US Senate committee passes Taiwan Travel Act

The United States Senate Committee on Foreign Relations passed H. R. 535 Taiwan Travel Act without amendment today. The bill, which encourages official visits between Taiwan and the United States, passed the US House of Representatives on January 9.


(a) Sense Of Congress.—It is the sense of Congress that the United States Government should encourage visits between officials from the United States and Taiwan at all levels.

(b) Statement Of Policy.—It should be the policy of the United States to—

(1) allow officials at all levels of the United States Government, including Cabinet-level national security officials, general officers, and other executive branch officials, to travel to Taiwan to meet their Taiwanese counterparts;

(2) allow high-level officials of Taiwan to enter the United States, under conditions which demonstrate appropriate respect for the dignity of such officials, and to meet with officials of the United States, including officials from the Department of State and the Department of Defense and other Cabinet agencies; and

(3) encourage the Taipei Economic and Cultural Representative Office, and any other instrumentality established by Taiwan, to conduct business in the United States, including activities which involve participation by Members of Congress, officials of Federal, State, or local governments of the United States, or any high-level official of Taiwan.

Continue reading “US Senate committee passes Taiwan Travel Act”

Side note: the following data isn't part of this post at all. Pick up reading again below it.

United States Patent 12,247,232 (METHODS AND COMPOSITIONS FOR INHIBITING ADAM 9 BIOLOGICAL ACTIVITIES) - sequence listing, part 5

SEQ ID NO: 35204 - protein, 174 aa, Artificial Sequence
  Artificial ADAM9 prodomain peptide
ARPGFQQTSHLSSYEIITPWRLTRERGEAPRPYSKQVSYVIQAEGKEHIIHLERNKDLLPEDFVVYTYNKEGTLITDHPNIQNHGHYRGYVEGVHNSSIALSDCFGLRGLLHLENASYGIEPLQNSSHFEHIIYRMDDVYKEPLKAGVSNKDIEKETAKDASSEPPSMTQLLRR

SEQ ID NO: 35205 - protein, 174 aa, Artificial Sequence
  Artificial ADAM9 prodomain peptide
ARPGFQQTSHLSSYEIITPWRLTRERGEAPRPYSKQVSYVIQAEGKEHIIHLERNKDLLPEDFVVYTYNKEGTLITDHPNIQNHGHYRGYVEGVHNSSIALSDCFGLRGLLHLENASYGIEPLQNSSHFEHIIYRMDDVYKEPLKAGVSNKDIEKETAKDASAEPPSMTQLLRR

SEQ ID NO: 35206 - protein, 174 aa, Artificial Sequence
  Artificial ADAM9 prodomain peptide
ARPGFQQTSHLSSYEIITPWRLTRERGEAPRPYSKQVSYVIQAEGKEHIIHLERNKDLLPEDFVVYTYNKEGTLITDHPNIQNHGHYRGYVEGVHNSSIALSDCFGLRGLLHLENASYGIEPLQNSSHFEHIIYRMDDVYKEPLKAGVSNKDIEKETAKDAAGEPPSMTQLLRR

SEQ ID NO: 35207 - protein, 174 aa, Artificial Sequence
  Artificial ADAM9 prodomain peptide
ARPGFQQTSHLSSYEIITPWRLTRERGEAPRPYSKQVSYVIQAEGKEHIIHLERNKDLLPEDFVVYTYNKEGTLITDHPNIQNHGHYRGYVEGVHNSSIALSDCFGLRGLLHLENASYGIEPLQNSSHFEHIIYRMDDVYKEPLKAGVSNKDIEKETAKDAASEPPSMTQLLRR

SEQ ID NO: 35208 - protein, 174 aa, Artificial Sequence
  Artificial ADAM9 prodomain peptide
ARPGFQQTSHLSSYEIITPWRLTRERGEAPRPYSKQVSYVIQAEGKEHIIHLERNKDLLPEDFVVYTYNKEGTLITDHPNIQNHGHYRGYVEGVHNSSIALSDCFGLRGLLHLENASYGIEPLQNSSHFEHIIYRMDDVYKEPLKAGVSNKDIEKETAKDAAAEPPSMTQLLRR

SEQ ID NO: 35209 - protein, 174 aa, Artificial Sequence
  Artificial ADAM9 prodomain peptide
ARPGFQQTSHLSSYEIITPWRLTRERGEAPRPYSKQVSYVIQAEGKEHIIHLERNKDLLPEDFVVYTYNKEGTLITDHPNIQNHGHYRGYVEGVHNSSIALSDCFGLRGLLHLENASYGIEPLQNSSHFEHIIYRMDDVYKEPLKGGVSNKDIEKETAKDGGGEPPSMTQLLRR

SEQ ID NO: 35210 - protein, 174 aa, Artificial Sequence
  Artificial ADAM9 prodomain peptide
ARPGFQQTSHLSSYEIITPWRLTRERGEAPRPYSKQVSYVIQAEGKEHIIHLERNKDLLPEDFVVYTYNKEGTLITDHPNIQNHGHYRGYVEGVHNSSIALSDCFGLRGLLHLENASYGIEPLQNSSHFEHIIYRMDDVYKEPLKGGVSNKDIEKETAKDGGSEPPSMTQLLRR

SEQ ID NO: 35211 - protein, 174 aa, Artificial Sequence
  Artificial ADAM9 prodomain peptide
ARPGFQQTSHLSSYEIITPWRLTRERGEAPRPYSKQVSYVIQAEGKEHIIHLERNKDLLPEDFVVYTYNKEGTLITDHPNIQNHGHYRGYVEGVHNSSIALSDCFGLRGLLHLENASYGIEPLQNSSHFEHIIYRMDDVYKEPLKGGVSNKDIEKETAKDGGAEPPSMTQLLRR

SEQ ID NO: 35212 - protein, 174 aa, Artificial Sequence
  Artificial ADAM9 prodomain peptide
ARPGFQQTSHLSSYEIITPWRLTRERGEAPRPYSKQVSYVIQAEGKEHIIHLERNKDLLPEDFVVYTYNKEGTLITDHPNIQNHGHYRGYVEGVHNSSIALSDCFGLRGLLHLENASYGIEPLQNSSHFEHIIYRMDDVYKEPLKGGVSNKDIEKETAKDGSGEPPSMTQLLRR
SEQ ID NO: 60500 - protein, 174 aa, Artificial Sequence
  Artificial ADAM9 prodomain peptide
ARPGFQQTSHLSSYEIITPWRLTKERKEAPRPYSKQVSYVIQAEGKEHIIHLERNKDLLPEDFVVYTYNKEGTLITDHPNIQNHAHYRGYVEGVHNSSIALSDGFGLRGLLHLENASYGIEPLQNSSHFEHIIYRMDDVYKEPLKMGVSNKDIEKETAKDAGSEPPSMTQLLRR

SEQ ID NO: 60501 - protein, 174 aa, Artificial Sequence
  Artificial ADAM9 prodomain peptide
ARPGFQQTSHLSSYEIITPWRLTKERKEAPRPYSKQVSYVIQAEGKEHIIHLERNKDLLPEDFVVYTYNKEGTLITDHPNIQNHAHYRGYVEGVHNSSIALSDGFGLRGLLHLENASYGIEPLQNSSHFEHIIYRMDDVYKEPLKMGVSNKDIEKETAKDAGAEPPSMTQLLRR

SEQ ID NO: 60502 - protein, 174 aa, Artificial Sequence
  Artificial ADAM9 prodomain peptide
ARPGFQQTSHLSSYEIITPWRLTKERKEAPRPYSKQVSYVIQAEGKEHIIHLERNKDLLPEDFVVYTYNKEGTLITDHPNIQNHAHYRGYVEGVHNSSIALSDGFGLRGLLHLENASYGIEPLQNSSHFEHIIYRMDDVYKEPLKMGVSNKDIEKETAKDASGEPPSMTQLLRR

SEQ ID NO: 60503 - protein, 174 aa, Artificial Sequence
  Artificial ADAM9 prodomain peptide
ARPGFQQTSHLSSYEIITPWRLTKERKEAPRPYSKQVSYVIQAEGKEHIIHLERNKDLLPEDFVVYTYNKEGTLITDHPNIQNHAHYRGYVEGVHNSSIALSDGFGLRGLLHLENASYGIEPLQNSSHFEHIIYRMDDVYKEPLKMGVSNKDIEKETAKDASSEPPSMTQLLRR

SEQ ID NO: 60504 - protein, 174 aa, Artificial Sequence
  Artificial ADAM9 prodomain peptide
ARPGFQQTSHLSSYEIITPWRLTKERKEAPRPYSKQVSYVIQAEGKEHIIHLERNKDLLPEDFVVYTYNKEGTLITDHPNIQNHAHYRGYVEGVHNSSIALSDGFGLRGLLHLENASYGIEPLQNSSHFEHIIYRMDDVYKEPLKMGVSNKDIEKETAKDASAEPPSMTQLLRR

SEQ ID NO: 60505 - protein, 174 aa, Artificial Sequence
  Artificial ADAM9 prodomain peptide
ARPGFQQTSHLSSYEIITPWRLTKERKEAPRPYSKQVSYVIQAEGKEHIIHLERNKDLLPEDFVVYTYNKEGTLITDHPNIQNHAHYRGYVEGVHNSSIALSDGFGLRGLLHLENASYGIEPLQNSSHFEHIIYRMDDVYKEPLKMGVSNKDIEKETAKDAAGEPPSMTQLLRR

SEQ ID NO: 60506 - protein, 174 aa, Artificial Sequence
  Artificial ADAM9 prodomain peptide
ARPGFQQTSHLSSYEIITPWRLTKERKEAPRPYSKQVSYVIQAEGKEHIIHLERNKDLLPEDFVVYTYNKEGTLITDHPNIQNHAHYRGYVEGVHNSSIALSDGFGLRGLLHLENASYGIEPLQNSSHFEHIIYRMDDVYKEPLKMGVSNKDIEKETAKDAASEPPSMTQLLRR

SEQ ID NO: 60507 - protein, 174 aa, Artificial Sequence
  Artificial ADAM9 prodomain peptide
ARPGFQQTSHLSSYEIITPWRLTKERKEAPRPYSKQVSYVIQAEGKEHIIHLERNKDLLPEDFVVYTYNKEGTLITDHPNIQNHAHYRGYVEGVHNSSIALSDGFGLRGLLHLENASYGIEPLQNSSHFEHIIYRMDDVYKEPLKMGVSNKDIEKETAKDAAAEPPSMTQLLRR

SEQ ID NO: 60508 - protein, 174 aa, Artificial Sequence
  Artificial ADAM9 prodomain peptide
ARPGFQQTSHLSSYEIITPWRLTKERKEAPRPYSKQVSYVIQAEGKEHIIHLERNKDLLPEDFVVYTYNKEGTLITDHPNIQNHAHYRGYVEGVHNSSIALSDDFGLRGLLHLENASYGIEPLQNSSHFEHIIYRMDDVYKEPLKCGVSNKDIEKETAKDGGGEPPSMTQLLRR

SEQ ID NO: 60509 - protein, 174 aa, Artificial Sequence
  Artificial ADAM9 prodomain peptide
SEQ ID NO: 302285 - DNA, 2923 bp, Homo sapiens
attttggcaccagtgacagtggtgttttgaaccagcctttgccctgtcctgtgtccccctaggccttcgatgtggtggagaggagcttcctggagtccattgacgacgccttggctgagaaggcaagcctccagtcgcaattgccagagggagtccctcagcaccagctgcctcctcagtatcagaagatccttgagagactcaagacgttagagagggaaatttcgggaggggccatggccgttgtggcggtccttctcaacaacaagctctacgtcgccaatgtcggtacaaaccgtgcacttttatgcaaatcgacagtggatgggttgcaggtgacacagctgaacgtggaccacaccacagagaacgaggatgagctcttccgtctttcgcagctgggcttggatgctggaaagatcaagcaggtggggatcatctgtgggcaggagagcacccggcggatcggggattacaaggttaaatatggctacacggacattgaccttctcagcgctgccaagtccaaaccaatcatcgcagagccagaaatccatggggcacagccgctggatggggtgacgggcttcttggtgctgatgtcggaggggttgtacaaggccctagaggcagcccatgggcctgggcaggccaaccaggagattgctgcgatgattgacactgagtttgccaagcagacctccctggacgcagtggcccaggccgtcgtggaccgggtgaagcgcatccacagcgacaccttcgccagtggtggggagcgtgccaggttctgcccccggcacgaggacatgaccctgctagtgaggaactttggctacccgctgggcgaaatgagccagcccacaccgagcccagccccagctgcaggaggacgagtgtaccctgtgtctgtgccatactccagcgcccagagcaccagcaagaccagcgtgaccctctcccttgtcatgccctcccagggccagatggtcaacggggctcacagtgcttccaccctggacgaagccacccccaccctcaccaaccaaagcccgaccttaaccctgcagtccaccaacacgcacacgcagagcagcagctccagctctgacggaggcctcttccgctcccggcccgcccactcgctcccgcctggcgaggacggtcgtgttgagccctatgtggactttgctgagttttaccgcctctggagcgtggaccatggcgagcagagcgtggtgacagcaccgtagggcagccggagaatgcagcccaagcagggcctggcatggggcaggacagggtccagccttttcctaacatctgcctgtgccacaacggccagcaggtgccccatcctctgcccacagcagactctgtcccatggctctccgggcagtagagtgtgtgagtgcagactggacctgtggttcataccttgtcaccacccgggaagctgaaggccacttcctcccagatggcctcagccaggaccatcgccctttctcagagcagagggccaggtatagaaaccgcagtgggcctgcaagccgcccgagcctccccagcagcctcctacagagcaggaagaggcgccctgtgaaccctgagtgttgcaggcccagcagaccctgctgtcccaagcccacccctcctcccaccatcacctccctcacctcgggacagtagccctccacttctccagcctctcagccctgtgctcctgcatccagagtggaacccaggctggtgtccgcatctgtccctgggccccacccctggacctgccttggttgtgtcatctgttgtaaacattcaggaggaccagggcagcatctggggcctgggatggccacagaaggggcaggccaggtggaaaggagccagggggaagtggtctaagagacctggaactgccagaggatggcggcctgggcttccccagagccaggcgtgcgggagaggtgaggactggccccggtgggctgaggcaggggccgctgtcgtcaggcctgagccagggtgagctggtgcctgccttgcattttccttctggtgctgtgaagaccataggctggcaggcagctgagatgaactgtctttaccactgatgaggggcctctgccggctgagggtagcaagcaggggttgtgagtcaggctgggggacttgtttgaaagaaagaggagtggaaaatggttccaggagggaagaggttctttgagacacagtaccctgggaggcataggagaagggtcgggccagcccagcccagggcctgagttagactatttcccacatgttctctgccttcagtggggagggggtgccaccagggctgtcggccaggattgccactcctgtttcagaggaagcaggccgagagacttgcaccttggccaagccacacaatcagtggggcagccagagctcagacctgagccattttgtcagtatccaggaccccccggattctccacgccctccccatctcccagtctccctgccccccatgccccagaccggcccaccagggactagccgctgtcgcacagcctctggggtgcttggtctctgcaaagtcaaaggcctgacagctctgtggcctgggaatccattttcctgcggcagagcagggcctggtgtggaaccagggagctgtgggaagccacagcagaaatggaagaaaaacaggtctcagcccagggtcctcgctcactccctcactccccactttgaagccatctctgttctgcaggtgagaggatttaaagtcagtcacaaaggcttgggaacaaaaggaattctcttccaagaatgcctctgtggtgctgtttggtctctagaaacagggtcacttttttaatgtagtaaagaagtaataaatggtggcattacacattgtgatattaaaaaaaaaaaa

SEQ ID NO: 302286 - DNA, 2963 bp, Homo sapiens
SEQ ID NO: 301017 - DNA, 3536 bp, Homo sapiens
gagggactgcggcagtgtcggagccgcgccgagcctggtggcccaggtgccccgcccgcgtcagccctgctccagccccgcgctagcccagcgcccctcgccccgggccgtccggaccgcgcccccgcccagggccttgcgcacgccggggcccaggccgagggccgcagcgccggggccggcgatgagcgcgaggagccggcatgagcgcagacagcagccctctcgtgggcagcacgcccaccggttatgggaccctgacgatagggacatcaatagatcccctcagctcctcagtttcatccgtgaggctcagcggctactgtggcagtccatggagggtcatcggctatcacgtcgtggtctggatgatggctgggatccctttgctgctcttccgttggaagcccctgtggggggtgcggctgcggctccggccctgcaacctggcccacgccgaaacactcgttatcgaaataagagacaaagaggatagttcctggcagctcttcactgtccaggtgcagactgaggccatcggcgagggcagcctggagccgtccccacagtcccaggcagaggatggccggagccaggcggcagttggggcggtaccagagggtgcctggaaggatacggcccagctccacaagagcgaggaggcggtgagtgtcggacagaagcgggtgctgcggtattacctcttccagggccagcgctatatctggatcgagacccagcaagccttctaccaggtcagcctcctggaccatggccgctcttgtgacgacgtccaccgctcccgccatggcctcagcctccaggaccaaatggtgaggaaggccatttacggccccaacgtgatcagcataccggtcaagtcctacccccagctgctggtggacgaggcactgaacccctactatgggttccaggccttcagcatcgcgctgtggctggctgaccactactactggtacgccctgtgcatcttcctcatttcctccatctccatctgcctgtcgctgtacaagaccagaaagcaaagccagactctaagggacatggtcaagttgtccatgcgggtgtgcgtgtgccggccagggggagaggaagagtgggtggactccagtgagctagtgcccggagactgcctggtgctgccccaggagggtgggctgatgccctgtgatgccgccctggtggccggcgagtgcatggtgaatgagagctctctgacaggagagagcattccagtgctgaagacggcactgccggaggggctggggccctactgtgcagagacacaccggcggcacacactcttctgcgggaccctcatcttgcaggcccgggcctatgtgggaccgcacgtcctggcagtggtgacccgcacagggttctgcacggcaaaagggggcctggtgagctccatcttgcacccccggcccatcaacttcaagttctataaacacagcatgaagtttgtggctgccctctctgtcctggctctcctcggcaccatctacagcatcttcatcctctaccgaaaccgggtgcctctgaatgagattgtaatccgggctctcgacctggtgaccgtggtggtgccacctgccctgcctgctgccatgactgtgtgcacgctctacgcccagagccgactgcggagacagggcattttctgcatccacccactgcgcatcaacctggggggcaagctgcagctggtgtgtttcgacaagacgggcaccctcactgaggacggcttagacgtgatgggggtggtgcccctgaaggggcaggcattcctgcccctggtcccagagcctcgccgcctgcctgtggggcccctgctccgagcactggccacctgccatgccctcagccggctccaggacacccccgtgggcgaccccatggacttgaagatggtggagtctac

Lunar new year flights cancelled amid air route row

China Eastern Airlines and Xiamen Airlines announced today the cancellation of 176 round-trip flights added during the lunar new year in February to meet increased passenger demand during the holidays. Taiwan’s Civil Aeronautics Administration have not approved the added flights in retaliation of the companies flying the northbound M503 and connecting W121, W122, and W123 routes off China’s southeastern coast, citing national security and aviation safety concerns.

M503 RouteWhile Taiwan and China agreed on using the southbound M503 route following negotiation in 2015, using the route northbound and the three W connecting routes are only supposed to start with consultation of aviation authorities on the two sides. M503 is close to the median line between Taiwan and China’s air-defense identification zones. China unilaterally opened the four routes on January 4. Continue reading “Lunar new year flights cancelled amid air route row”

On Happiness Road

On Happiness Road 幸福路上 is an animated film following Chi, a Taiwanese woman born in 1975, as she grew up during Taiwan’s transition to a democracy, moved to the US, but returned to attend her grandmother’s funeral. A touching tear jerker highly relatable to Taiwanese in their 30s and 40s, the film manages to “condense four decades of Taiwanese politics, economics, traditional and pop culture as well as everyday life into 109 minutes without mucking up the narrative.” The story mirrors that of the film’s director, Sung Hsin-ying, who is making her debut through support of the Golden Horse Film Project, as well as countless others who grew up in Taiwan with grand aspirations but had to come to terms with reality.

See the trailer

Labor law change sparks protests and police action scrutiny

As the Tsai administration and the ruling Democratic Progressive Party (DPP) prepares to pass amendments to the Labor Standards Act, the law that governs employer-employee relationship and workers’ rights in Taiwan, protests and demonstrations have followed over remarks from officials and the proposed changes, seen as catering to business demands. Low wages and long working hours have long been the norm for the Taiwanese work force, but expectations from the younger generations seem to make the status quo untenable.